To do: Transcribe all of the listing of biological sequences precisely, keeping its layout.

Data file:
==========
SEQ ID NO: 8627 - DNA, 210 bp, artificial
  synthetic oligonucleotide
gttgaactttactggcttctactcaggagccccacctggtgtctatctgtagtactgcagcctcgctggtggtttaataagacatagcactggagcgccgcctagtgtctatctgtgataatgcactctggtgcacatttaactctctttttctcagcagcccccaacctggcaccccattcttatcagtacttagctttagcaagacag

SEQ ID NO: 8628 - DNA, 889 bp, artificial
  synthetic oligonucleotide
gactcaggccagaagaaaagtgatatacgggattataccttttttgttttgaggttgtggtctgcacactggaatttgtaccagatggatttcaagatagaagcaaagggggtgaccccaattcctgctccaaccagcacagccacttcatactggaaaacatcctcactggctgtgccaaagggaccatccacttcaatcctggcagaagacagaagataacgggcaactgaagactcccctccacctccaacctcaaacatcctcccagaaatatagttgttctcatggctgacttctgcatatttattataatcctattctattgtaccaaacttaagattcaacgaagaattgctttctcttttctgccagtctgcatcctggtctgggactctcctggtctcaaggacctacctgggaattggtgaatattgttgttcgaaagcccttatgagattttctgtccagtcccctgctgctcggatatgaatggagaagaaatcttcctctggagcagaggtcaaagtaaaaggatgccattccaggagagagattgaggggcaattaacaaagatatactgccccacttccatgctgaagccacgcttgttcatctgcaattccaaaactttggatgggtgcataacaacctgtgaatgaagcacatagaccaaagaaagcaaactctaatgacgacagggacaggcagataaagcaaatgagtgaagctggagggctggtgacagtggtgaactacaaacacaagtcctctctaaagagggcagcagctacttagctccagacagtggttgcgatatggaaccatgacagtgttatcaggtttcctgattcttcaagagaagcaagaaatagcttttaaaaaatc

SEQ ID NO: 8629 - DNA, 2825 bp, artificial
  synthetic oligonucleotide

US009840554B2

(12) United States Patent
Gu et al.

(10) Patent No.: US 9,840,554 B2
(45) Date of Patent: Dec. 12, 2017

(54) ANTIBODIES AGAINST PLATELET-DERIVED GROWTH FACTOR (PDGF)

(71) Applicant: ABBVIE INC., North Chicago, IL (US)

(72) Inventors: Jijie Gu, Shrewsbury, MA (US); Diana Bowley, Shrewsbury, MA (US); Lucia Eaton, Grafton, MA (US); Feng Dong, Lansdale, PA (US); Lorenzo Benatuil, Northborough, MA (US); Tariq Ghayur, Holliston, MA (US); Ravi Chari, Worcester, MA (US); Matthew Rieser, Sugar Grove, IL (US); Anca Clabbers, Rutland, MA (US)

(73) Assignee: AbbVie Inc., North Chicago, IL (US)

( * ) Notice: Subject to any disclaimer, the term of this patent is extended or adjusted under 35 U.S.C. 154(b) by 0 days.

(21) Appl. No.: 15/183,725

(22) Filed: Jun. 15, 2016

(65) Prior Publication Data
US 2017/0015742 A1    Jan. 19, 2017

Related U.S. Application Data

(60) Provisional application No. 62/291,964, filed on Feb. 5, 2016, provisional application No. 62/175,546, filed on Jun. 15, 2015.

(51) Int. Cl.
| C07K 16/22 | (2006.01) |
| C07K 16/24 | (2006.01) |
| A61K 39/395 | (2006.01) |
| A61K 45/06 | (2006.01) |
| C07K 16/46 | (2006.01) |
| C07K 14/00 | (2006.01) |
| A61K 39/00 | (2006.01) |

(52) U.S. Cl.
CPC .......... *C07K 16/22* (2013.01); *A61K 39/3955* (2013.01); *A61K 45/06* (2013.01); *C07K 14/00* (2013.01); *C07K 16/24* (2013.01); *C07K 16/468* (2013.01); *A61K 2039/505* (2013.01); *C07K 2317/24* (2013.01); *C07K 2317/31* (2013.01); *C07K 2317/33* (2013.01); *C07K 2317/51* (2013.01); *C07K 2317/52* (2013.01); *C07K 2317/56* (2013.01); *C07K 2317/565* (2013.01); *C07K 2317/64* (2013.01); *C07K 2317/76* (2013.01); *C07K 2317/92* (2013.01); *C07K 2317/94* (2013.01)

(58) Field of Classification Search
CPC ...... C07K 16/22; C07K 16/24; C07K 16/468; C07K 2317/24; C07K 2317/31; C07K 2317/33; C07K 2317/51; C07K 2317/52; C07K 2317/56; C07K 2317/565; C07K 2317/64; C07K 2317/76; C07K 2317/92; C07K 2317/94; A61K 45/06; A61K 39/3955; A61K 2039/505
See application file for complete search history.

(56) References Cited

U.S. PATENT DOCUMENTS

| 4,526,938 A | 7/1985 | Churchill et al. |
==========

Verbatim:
SEQ ID NO: 8627 - DNA, 210 bp, artificial
  synthetic oligonucleotide
gttgaactttactggcttctactcaggagccccacctggtgtctatctgtagtactgcagcctcgctggtggtttaataagacatagcactggagcgccgcctagtgtctatctgtgataatgcactctggtgcacatttaactctctttttctcagcagcccccaacctggcaccccattcttatcagtacttagctttagcaagacag

SEQ ID NO: 8628 - DNA, 889 bp, artificial
  synthetic oligonucleotide
gactcaggccagaagaaaagtgatatacgggattataccttttttgttttgaggttgtggtctgcacactggaatttgtaccagatggatttcaagatagaagcaaagggggtgaccccaattcctgctccaaccagcacagccacttcatactggaaaacatcctcactggctgtgccaaagggaccatccacttcaatcctggcagaagacagaagataacgggcaactgaagactcccctccacctccaacctcaaacatcctcccagaaatatagttgttctcatggctgacttctgcatatttattataatcctattctattgtaccaaacttaagattcaacgaagaattgctttctcttttctgccagtctgcatcctggtctgggactctcctggtctcaaggacctacctgggaattggtgaatattgttgttcgaaagcccttatgagattttctgtccagtcccctgctgctcggatatgaatggagaagaaatcttcctctggagcagaggtcaaagtaaaaggatgccattccaggagagagattgaggggcaattaacaaagatatactgccccacttccatgctgaagccacgcttgttcatctgcaattccaaaactttggatgggtgcataacaacctgtgaatgaagcacatagaccaaagaaagcaaactctaatgacgacagggacaggcagataaagcaaatgagtgaagctggagggctggtgacagtggtgaactacaaacacaagtcctctctaaagagggcagcagctacttagctccagacagtggttgcgatatggaaccatgacagtgttatcaggtttcctgattcttcaagagaagcaagaaatagcttttaaaaaatc

SEQ ID NO: 8629 - DNA, 2825 bp, artificial
  synthetic oligonucleotide

US009840554B2

(12) United States Patent
Gu et al.

(10) Patent No.: US 9,840,554 B2
(45) Date of Patent: Dec. 12, 2017

(54) ANTIBODIES AGAINST PLATELET-DERIVED GROWTH FACTOR (PDGF)

(71) Applicant: ABBVIE INC., North Chicago, IL (US)

(72) Inventors: Jijie Gu, Shrewsbury, MA (US); Diana Bowley, Shrewsbury, MA (US); Lucia Eaton, Grafton, MA (US); Feng Dong, Lansdale, PA (US); Lorenzo Benatuil, Northborough, MA (US); Tariq Ghayur, Holliston, MA (US); Ravi Chari, Worcester, MA (US); Matthew Rieser, Sugar Grove, IL (US); Anca Clabbers, Rutland, MA (US)

(73) Assignee: AbbVie Inc., North Chicago, IL (US)

( * ) Notice: Subject to any disclaimer, the term of this patent is extended or adjusted under 35 U.S.C. 154(b) by 0 days.

(21) Appl. No.: 15/183,725

(22) Filed: Jun. 15, 2016

(65) Prior Publication Data
US 2017/0015742 A1    Jan. 19, 2017

Related U.S. Application Data

(60) Provisional application No. 62/291,964, filed on Feb. 5, 2016, provisional application No. 62/175,546, filed on Jun. 15, 2015.

(51) Int. Cl.
| C07K 16/22 | (2006.01) |
| C07K 16/24 | (2006.01) |
| A61K 39/395 | (2006.01) |
| A61K 45/06 | (2006.01) |
| C07K 16/46 | (2006.01) |
| C07K 14/00 | (2006.01) |
| A61K 39/00 | (2006.01) |

(52) U.S. Cl.
CPC .......... *C07K 16/22* (2013.01); *A61K 39/3955* (2013.01); *A61K 45/06* (2013.01); *C07K 14/00* (2013.01); *C07K 16/24* (2013.01); *C07K 16/468* (2013.01); *A61K 2039/505* (2013.01); *C07K 2317/24* (2013.01); *C07K 2317/31* (2013.01); *C07K 2317/33* (2013.01); *C07K 2317/51* (2013.01); *C07K 2317/52* (2013.01); *C07K 2317/56* (2013.01); *C07K 2317/565* (2013.01); *C07K 2317/64* (2013.01); *C07K 2317/76* (2013.01); *C07K 2317/92* (2013.01); *C07K 2317/94* (2013.01)

(58) Field of Classification Search
CPC ...... C07K 16/22; C07K 16/24; C07K 16/468; C07K 2317/24; C07K 2317/31; C07K 2317/33; C07K 2317/51; C07K 2317/52; C07K 2317/56; C07K 2317/565; C07K 2317/64; C07K 2317/76; C07K 2317/92; C07K 2317/94; A61K 45/06; A61K 39/3955; A61K 2039/505
See application file for complete search history.

(56) References Cited

U.S. PATENT DOCUMENTS

| 4,526,938 A | 7/1985 | Churchill et al. |